The 2019 Booker Prize longlist has finally been announced, revealing an exciting and diverse lineup of books with more than a few thrilling surprises.
The longlisted book most likely to cause a stir this year is Margaret Atwood’s The Testaments, the hugely anticipated sequel to The Handmaid’s Tale. This book isn’t out until early September and its contents are being kept as a closely guarded secret by Atwood’s publisher, so expect the buzz on The Testaments to skyrocket from this point onward.
Also on the list is Lanny by Max Porter (a firm favourite of ours – read our review!), Frankissstein by Jeanette Winterson, Quichotte by Booker Prize veteran Salman Rushdie, and My Sister, the Serial Killer by Oyinkan Braithwaite (shortlisted for the Women’s Prize for Fiction earlier this year).
Peter Florence, the 2019 Chair of Judges, says:
“If you only read one book this year, make a leap. Read all 13 of these. There are Nobel candidates and debutants on this list. There are no favourites; they are all credible winners. They imagine our world, familiar from news cycle disaster and grievance, with wild humour, deep insight and a keen humanity. These writers offer joy and hope. They celebrate the rich complexity of English as a global language. They are exacting, enlightening and entertaining. Really – read all of them.”
Who am I to argue with that? Check out all the longlisted books below (and stay tuned for the announcement of the shortlist on 3 September)!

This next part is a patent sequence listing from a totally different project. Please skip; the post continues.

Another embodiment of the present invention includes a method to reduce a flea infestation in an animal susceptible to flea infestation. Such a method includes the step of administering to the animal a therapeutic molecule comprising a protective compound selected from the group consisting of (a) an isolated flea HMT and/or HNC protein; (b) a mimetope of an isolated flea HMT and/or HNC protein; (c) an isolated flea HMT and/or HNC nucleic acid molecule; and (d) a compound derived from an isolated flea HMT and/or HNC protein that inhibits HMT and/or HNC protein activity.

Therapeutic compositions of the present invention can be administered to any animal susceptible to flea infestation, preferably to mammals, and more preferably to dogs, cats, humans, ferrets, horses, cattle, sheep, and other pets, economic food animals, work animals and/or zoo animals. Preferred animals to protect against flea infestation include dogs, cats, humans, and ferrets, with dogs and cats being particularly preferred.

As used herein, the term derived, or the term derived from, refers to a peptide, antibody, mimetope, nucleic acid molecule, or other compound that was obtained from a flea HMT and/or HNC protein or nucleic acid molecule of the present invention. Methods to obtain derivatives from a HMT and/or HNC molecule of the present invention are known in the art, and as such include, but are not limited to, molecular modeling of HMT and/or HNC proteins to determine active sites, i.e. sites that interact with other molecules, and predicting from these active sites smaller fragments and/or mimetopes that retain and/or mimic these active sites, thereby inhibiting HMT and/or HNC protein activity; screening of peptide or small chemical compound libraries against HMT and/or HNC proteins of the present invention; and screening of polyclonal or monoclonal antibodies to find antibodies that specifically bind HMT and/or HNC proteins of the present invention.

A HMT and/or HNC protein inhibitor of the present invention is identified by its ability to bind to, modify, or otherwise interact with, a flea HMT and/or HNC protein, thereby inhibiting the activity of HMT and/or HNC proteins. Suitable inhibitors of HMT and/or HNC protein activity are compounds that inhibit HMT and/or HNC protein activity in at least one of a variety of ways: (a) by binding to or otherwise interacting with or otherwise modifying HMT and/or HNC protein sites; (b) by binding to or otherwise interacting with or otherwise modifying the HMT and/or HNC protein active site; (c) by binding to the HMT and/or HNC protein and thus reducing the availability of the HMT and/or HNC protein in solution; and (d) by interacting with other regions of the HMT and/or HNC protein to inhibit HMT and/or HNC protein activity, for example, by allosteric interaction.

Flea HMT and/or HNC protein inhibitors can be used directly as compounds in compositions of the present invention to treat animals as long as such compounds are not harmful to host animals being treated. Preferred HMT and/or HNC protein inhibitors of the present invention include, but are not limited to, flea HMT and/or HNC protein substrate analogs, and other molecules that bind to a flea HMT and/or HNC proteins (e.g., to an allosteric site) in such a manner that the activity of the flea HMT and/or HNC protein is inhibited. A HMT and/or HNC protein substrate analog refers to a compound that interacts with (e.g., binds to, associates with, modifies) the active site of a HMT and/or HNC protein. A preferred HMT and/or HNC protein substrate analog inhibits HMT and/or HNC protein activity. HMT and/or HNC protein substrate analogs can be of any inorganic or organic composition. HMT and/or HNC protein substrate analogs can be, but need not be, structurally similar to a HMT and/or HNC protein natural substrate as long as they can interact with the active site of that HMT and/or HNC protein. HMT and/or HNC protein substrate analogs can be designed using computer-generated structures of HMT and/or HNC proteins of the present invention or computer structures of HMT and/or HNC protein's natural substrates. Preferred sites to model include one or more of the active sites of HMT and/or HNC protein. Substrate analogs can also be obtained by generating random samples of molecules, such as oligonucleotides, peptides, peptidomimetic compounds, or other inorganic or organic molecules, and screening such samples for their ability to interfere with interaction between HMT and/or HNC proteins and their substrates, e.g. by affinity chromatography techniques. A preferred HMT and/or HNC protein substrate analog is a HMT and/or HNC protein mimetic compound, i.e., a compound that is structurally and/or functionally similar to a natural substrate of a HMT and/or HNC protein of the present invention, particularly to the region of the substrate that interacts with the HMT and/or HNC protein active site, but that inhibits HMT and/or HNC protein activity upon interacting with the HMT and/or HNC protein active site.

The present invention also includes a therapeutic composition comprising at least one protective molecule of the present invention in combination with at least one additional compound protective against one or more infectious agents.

Frankissstein by Jeanette Winterson
Quichotte by Salman Rushdie
Lanny by Max Porter
10 Minutes 38 Seconds in This Strange World by Elif Shafak
The Testaments by Margaret Atwood
My Sister, the Serial Killer by Oyinkan Braithwaite
Ducks, Newburyport by Lucy Ellmann
Girl, Woman, Other by Bernardine Evaristo
The Wall by John Lanchester
The Man Who Saw Everything by Deborah Levy
Lost Children Archive by Valeria Luiselli
An Orchestra of Minorities by Chigozie Obioma
About the Contributor
Olivia Fricot is the Editor of the Booktopian Blog. After finishing a soul-crushing law degree, she decided that life was much better with one's nose in a book and quickly defected to the world of Austen and Woolf. You can usually find her reading (obviously), baking, writing questionable tweets, and completing a Master's degree in English literature. Just don't ask about her thesis. Olivia is on Twitter and Instagram @livfricot - follow at your own risk.
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